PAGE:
6

1

I am looking for information on (formal) algebraic systems that can be used to transform time-series - in either a practical or academic context.

I hope that there exists (at least one) small, expressive, set of operators - ranging over (finite) time-series. I want to compare and contrast different systems with respect to algebraic completeness, and brevity of representation, of common time-series transformations in various domains.

I realise this question is broad - but hope it is not too vague for datascience.stackexchange. I welcome any pointers to relevant literature for specific scenarios, or the general subject.

**Edit... (Attempt to better explain what I meant by an algebraic system...)**

I was thinking about "abstract algebras" as discussed in Wikipedia:

http://en.wikipedia.org/wiki/Algebra#Abstract_algebra http://en.wikipedia.org/wiki/Abstract_algebra#Basic_concepts

Boolean Algebras are (very simple) algebras that range over Boolean values. A simple example of such an algebra would consist the values True and False and the operations AND, OR and NOT. One might argue this algebra is 'complete' as, from these two constants (free-variables) and three basic operations, arbitrary boolean functions can be constructed/described.

I am interested to discover algebras where the values are (time-domain) time-series. I'd like it to be possible to construct "arbitrary" functions, that map time-series to time-series, from a few operations which, individually, map time-series to time-series. I am open to liberal interpretations of "arbitrary". I would be especially interested in examples of these algebras where the operations consist 'higher-order functions' - where such operations have been developed for a specific domain.

1sounds more like something for stats or even maths stack exchange sites... – Spacedman – 2014-09-16T16:35:52.827

Thanks for those suggestions. I am considering a similar question for the maths site... but hope to discover insights from data-science experts first. The question straddles practical data science and theoretical maths. – aSteve – 2014-09-16T22:42:54.807

This is a really interesting question and I agree it has practical applications, but I also really think it belongs on Mathematics. It should get a lot more exposure there. – shadowtalker – 2014-10-17T17:00:43.200

1You can't be successful if you don't have a goal. What kind of insights do you want to get? You have to define that first. Otherwise: Just use element-wise addition and multiplication. You're done now! Or aren't you? If you understand why this doesn't do it - maybe you can make progress. – Gerenuk – 2014-11-16T16:06:42.517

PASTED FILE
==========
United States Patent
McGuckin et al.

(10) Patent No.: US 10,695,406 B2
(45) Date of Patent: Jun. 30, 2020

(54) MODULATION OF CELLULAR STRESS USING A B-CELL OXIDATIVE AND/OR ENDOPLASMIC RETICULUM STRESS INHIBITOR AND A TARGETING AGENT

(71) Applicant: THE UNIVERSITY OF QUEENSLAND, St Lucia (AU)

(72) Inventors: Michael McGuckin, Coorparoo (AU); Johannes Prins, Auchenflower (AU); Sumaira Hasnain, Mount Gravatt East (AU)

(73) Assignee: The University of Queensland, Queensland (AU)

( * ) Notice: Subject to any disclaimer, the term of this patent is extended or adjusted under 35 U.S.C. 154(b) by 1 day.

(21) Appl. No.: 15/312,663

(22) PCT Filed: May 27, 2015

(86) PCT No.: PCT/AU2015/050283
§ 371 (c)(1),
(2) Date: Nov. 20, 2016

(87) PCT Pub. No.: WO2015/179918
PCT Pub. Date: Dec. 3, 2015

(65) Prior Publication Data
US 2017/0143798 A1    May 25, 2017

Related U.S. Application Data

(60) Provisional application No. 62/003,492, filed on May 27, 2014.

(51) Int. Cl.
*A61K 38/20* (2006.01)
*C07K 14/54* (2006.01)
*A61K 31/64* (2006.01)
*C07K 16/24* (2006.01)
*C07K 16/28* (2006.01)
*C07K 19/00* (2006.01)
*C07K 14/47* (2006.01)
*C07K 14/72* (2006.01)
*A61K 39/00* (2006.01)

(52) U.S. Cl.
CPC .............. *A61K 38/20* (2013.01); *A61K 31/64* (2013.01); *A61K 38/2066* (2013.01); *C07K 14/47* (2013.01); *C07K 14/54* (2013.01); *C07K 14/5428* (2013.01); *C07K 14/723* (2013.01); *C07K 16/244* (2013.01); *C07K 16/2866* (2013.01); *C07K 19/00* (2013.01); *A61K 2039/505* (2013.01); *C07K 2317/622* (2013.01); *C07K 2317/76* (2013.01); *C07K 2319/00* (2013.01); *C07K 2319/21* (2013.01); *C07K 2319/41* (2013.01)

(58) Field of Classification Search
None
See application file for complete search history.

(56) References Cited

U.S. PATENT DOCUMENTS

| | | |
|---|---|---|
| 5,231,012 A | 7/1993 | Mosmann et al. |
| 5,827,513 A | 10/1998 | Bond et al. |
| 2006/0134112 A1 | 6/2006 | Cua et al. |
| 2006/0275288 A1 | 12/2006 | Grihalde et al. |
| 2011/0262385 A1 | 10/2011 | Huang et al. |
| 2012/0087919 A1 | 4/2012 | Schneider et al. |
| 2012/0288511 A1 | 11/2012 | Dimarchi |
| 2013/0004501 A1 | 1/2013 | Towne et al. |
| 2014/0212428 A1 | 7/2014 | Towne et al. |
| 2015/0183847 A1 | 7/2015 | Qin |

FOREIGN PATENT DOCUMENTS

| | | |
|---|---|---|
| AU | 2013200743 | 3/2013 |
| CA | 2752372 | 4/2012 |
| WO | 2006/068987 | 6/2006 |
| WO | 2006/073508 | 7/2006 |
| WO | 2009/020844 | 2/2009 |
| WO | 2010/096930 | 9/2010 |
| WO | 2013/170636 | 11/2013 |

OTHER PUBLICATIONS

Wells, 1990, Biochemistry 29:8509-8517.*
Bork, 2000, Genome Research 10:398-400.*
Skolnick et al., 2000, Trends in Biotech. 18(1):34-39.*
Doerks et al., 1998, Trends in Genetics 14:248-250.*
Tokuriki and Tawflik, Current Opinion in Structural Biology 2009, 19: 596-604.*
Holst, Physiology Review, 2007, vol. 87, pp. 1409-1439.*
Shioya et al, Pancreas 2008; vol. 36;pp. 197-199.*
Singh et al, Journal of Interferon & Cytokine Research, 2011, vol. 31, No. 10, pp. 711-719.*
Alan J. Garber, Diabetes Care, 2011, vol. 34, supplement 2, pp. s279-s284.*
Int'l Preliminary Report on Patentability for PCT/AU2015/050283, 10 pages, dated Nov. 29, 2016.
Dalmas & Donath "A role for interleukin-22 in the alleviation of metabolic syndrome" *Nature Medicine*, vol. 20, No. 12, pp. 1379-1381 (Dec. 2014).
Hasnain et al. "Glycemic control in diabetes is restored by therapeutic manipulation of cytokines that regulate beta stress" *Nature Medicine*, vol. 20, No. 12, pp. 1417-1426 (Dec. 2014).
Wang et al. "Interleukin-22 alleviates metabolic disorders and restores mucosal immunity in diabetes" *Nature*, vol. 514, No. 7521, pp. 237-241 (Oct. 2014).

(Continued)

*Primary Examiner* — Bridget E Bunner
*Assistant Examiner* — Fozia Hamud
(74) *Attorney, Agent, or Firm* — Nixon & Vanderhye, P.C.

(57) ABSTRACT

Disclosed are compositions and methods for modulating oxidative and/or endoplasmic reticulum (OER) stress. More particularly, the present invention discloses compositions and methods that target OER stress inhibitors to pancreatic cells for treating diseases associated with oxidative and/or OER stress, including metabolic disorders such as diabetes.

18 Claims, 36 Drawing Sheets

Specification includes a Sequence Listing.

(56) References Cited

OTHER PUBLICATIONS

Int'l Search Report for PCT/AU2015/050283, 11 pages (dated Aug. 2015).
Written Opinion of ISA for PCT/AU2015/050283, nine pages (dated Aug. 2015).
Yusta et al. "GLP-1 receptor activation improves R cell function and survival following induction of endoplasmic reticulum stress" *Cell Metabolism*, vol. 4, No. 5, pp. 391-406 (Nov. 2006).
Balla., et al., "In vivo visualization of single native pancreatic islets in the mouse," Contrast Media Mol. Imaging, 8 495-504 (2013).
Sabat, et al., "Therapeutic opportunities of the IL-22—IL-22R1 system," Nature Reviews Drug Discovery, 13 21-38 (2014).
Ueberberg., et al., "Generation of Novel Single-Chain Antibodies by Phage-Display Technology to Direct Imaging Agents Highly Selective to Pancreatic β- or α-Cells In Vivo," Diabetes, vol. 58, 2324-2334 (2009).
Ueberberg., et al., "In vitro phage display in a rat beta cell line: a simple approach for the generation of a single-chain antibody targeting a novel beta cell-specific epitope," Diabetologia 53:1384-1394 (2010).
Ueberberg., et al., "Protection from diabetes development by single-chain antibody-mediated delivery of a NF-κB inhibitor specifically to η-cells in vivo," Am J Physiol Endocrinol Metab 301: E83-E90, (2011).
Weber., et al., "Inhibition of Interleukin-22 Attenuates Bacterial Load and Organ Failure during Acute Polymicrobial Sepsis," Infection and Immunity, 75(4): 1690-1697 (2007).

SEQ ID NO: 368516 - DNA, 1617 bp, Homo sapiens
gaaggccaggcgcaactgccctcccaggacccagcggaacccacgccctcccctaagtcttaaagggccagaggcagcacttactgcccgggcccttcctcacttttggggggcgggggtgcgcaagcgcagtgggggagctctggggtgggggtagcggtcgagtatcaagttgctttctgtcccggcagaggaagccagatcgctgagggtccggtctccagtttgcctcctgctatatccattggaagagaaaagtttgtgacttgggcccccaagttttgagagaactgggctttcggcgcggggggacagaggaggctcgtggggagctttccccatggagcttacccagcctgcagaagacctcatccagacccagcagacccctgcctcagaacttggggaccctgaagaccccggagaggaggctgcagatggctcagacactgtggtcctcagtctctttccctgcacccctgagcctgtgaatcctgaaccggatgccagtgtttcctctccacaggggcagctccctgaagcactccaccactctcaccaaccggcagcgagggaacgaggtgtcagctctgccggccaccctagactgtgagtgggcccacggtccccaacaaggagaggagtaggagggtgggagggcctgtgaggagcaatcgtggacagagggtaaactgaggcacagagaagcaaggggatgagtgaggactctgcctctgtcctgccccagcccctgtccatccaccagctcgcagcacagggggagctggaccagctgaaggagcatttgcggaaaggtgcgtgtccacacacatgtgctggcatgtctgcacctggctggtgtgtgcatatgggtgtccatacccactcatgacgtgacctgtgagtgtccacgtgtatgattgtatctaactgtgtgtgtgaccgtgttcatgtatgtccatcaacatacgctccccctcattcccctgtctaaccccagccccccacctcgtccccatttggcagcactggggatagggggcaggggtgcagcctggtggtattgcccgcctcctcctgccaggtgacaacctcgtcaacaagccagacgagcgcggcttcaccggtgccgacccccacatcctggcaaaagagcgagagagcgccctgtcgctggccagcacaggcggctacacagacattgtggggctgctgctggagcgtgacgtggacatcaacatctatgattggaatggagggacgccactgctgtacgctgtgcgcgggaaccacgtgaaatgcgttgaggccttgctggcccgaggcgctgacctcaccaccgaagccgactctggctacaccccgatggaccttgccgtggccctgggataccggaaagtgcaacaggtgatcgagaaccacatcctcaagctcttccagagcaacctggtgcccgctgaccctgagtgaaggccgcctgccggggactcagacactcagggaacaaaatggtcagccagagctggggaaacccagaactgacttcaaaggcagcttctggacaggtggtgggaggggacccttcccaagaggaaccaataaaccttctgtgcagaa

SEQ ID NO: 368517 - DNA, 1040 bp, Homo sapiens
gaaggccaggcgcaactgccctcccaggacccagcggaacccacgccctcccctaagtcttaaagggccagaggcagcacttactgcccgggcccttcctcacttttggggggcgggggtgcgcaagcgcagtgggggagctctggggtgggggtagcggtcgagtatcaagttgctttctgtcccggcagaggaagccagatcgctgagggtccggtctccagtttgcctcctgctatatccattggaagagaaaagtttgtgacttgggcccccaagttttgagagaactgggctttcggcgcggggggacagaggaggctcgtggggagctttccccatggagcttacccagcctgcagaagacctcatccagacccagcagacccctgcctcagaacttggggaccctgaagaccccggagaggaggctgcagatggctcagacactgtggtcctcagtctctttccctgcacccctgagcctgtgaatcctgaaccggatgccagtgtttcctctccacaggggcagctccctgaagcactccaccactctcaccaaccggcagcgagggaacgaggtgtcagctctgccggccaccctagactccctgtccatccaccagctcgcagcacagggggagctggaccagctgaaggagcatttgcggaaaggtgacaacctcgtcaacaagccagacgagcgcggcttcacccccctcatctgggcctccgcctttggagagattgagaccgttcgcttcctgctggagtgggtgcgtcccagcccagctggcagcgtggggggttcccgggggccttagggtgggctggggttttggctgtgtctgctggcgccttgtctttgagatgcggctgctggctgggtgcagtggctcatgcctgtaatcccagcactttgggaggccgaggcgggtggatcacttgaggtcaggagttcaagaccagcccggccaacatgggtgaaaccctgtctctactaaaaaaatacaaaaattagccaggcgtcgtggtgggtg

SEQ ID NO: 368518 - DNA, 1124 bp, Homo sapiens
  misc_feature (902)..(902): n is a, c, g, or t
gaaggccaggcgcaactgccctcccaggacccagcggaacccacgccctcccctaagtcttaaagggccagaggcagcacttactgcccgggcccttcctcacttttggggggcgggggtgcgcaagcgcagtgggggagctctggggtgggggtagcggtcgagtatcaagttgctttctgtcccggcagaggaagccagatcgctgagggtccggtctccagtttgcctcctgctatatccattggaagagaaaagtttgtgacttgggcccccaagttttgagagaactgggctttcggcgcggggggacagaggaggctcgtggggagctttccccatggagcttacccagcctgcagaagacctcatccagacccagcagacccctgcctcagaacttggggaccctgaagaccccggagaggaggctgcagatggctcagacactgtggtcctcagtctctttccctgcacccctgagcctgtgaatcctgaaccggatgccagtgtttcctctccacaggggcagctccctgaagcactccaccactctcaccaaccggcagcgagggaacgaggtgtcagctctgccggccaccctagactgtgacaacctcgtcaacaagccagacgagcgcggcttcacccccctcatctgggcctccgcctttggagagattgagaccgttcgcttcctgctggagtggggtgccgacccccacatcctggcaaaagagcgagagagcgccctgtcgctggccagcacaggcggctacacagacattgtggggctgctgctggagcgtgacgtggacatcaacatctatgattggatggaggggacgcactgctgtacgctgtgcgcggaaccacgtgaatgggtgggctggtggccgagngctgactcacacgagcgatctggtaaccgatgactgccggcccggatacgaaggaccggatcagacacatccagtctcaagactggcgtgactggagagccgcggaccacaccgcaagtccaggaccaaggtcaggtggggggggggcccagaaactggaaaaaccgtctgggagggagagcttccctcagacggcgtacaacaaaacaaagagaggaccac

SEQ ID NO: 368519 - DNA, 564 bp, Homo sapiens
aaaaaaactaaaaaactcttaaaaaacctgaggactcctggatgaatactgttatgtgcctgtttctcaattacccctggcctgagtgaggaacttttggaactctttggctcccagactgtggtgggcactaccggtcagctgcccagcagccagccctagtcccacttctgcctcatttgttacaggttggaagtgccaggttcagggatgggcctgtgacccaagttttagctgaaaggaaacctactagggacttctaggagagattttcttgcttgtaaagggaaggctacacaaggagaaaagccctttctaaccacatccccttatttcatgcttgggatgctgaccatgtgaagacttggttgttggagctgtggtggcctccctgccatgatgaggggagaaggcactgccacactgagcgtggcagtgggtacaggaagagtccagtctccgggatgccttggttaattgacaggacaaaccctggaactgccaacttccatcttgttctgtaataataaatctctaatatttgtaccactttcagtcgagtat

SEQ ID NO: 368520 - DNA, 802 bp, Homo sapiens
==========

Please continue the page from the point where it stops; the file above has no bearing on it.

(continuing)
@Gerenuk : This would be a reasonable response if I wanted to test a specific hypothesis about specific time series. I'm interested in the meta-problem... i.e. are there

anysystems that go beyond element-wise addition and multiplication? If so, what are they, how do they go further, and what sort of (interesting) transformations do they facilitate? – aSteve – 2014-11-16T19:38:34.5971@aSteve: I could make up many non-trivial algebras, too. It would be a very tedious process asking you every time why this particular algebra does not suit your needs. It's really much more fruitful if there is an notion of what you want to achieve. – Gerenuk – 2014-11-16T20:55:24.630

@Gerenuk: I'm trying to establish a taxonomy of algebras with existing (practical or academic) applications. Every significantly distinct algebra is of interest - as is the context in which it was deemed valuable. Ultimately, I would like to establish if an (eloquent) universal time-series algebra can be defined, and - if not - why not. What is the minimum adequate sets of operators and constants? – aSteve – 2014-11-16T23:13:09.507

I have no particular expertise in this field, but would not a set of shift and scaling, and perhaps copy, operators be enough to transform any time series into any other time series ? – image_doctor – 2015-03-16T21:30:19.597

That sort of set sounds plausible, to me. I'd like to find, either, an explicit set that is used in some practical situation.... or a specific theoretic set, ideally accompanied by an (informal?) "proof" that this set is "sufficient" - in, erm, any sense that that makes sense. – aSteve – 2015-03-17T22:13:20.233

It is interesting that time series form an abelian group. I am looking for an example of binary time series that form a group. Let A be the set of all binary time series. (for example, all spike trains between time t_1 and t_2) I am looking for an operation

, such that (A,) form a group. Is the set of all spike trains form an abelian group? – None – 2015-08-09T10:44:16.053